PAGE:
Some government agencies may be targeted because the services they offer, such as police protection, are time-sensitive and crucial, notes Alexander Volynkin, senior research scientist, CERT Division, for Carnegie Mellon University’s Software Engineering Institute. Because such agencies often need to respond quickly, they have a greater sense of urgency in recovering their data and thus may be more willing to pay the ransom under duress.
In the past year, there have been numerous examples of police department ransomware attacks. One such case involved a Texas police department, where a ransomware attack caused the department to lose eight years of data—including body camera video and some in-house surveillance video.
Healthcare, energy/utilities, retail, finance
Healthcare organizations ranked no. 3 on BitSight Insight’s top list of ransomware targets. “Hospitals, in particular, may pay the ransom because their patient data is critical in life-or-death situations,” the report noted. One such example was the Hollywood Presbyterian Medical Center, which paid a $17,000 ransom in 2016 to hackers who had locked some of the hospital’s critical data.
The sectors rounding out the BitSight Insights list include, in descending order, energy and utilities (no. 4); retail (no. 5); and finance (no. 6).
We’re also seeing more ransomware attacks targeting enterprise human resource departments, Volynkin adds. Criminal hackers pose as job applicants, hoping that HR professionals will open emails and attachments from unknown senders—which will then spread the ransomware.
Mobile devices and Macs
Ransomware isn’t just a PC threat. A Kaspersky Lab Malware Report released in May 2017 found that 218,625 mobile ransomware files were detected in the first quarter of 2017 vs. 61,832 in the previous quarter, as Newsweek reported.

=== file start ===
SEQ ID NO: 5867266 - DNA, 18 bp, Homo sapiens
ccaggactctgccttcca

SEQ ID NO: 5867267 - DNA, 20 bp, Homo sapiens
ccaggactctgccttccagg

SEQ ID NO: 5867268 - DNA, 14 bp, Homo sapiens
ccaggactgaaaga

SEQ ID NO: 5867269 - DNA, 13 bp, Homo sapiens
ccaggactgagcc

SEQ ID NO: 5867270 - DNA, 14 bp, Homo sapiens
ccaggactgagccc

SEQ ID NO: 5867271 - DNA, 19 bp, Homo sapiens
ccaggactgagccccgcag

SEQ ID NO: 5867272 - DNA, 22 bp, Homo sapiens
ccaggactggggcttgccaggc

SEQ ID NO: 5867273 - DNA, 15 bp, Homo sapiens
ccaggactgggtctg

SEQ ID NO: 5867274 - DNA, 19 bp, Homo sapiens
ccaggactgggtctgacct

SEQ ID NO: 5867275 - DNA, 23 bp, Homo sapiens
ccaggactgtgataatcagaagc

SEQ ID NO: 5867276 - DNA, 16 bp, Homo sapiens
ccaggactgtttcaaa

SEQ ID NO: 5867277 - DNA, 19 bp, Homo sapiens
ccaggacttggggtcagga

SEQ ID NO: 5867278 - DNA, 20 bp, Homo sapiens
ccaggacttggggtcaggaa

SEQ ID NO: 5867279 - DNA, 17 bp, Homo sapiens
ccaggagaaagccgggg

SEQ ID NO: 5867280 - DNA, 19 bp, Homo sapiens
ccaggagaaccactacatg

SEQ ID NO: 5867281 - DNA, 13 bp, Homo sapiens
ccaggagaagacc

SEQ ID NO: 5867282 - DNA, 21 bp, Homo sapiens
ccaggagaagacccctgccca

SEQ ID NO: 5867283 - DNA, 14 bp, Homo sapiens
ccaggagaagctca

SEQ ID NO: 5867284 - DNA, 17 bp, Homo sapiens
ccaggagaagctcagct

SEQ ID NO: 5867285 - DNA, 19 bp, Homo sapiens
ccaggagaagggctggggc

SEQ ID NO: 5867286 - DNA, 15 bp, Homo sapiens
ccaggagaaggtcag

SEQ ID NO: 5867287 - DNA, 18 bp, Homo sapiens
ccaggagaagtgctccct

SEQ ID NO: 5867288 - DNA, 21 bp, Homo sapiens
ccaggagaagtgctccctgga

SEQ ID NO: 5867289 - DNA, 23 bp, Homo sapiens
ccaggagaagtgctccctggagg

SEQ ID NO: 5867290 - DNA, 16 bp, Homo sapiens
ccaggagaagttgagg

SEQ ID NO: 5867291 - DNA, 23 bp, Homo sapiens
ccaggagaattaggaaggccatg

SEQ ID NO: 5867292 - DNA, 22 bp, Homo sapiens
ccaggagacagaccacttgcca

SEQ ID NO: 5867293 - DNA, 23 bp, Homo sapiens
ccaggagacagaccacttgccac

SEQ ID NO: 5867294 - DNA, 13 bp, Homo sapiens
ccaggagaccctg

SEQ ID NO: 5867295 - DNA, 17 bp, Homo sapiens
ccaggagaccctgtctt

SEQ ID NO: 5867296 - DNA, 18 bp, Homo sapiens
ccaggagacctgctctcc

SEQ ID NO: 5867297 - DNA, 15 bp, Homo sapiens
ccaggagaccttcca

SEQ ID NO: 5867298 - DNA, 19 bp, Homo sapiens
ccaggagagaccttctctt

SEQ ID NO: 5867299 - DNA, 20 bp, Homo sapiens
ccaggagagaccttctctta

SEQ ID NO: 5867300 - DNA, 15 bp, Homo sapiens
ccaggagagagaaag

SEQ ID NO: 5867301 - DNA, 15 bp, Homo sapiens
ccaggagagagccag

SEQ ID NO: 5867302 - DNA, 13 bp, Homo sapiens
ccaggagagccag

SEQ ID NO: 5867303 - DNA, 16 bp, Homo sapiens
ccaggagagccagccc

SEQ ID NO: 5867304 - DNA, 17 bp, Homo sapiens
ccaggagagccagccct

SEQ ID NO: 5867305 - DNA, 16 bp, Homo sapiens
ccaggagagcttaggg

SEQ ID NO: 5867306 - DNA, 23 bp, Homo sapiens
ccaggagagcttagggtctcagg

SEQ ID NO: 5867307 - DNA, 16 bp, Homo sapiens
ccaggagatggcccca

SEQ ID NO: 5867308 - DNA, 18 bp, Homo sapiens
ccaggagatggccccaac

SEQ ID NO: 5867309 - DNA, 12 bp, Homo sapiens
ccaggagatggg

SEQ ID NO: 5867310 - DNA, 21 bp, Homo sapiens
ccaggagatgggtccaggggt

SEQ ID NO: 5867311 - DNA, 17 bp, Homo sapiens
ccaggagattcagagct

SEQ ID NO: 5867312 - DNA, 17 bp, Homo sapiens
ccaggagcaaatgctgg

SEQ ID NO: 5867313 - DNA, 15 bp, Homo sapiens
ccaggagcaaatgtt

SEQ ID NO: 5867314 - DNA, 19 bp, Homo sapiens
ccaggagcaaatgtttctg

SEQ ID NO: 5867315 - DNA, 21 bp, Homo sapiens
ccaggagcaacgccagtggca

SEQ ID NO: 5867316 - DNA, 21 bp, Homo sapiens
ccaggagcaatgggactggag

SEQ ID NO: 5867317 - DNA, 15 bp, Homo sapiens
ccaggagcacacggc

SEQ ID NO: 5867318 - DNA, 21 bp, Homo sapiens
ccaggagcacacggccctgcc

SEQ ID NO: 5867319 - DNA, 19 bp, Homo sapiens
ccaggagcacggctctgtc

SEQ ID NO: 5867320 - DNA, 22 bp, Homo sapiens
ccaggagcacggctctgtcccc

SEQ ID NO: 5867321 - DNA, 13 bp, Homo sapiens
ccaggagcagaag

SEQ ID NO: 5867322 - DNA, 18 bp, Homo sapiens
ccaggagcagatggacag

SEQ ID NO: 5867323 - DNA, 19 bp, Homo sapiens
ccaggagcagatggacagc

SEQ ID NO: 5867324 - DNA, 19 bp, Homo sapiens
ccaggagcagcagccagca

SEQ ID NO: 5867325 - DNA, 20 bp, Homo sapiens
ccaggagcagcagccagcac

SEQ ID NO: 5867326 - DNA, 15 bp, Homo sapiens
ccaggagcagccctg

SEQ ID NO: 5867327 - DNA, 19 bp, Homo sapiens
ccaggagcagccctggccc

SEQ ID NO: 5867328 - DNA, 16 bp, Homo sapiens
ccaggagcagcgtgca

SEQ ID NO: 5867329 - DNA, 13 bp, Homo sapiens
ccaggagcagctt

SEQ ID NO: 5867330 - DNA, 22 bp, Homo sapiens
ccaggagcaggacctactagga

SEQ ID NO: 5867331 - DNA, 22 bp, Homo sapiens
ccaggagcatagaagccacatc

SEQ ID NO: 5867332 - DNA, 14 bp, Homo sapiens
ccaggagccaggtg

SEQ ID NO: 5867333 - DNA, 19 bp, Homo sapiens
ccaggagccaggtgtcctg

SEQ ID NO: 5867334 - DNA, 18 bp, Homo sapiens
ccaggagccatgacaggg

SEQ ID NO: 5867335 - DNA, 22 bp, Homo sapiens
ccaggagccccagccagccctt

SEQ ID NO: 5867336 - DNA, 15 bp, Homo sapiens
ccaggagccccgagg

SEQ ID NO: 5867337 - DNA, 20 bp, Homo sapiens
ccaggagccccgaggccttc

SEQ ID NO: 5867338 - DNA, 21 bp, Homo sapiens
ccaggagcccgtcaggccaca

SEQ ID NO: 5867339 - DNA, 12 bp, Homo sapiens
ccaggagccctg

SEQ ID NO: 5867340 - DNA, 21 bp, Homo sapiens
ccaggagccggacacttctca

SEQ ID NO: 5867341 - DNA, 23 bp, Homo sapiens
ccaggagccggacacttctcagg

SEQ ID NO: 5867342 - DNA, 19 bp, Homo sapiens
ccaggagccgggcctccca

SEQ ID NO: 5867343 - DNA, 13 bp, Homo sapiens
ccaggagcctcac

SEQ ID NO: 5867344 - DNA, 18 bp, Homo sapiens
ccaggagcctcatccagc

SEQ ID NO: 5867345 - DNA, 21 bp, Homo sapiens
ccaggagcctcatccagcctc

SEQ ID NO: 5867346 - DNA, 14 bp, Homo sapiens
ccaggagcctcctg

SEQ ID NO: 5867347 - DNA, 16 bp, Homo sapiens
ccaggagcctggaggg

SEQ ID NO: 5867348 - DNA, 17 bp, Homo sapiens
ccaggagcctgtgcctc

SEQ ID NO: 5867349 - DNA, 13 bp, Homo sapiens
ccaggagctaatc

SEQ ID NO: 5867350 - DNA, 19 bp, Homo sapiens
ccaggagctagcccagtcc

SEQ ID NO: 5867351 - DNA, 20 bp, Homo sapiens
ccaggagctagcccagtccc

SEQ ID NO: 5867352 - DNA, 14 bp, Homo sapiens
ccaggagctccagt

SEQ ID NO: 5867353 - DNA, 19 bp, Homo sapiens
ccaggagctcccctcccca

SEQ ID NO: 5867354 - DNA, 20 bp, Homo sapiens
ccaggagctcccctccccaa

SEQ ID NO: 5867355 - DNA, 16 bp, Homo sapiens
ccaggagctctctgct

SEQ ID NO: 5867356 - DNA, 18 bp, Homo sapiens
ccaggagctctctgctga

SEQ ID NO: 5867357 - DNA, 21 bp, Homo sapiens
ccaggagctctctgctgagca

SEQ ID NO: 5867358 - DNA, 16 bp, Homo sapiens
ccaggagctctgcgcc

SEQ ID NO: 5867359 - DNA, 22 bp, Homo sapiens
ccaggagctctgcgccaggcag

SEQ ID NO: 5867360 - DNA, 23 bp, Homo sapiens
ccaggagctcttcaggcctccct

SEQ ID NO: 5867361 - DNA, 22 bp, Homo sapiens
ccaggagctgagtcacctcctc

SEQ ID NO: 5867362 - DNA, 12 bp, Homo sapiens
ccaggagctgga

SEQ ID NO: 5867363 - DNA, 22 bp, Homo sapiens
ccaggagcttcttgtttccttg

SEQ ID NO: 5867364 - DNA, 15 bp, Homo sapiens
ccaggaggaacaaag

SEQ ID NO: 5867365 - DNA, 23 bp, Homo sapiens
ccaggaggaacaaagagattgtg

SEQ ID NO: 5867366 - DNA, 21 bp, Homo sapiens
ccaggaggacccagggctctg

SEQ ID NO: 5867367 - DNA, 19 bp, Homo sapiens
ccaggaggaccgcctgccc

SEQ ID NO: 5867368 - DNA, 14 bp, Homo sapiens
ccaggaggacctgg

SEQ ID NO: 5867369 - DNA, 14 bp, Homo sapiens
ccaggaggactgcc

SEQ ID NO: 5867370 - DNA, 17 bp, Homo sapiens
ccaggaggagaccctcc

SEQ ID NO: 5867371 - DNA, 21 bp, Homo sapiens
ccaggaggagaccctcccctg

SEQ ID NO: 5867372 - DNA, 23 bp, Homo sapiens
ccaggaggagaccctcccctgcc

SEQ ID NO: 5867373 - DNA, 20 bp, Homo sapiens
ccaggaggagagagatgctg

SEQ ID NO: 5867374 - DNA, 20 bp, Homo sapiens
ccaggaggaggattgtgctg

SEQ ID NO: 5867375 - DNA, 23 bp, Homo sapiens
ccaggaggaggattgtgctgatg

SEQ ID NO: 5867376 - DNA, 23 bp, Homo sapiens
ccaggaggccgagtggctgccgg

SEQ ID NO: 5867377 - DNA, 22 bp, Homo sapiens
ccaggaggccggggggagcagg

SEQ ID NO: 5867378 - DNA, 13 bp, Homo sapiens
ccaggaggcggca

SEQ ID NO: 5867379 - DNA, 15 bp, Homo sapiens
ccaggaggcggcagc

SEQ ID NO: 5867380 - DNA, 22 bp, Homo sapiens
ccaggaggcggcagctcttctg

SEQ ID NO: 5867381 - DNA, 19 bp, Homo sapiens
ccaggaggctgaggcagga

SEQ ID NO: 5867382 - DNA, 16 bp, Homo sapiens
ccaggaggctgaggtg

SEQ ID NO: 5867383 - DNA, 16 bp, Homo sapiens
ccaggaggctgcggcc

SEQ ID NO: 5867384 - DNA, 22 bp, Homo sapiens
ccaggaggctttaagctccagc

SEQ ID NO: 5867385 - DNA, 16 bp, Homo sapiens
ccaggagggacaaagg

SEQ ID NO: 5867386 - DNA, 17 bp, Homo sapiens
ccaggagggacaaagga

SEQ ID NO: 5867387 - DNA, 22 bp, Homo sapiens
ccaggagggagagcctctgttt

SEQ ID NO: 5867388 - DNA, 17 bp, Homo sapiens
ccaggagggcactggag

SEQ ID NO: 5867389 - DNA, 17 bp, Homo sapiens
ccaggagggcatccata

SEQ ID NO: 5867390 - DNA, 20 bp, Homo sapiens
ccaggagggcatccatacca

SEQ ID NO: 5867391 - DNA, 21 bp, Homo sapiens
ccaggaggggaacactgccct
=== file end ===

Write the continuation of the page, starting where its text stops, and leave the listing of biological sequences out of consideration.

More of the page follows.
Ransomware doesn’t exclusively target Windows computers, either. Security firm Fortinet recently discovered a ransomware-as-a-service targeting Macs.
Emerging ransomware targets and threats
At a high level, any organization that has critical data, and where team members need to make quick decisions, will remain prime ransomware targets, Volynkin says.
The sensitivity of an enterprise’s data will also be a factor. For example, along with the sectors cited in the BitSight Insights report, you can expect to see law firms among targeted businesses in the near future, Volynkin adds. Legal firms “have client data that’s highly sensitive,” he notes, and typically have the resources to pay a ransom.
The next phase of ransomware, Volynkin notes, will not be just about holding data hostage; it will be about threating to publish data online if the enterprise that owns it doesn’t pay the ransom, he explains. In that scenario, law firms—and many other types of organizations—are attractive targets.
“If someone breaks into a law firm’s system, steals their sensitive client data and threatens to post it online, that law firm will have hard decisions to make,” Volynkin says.
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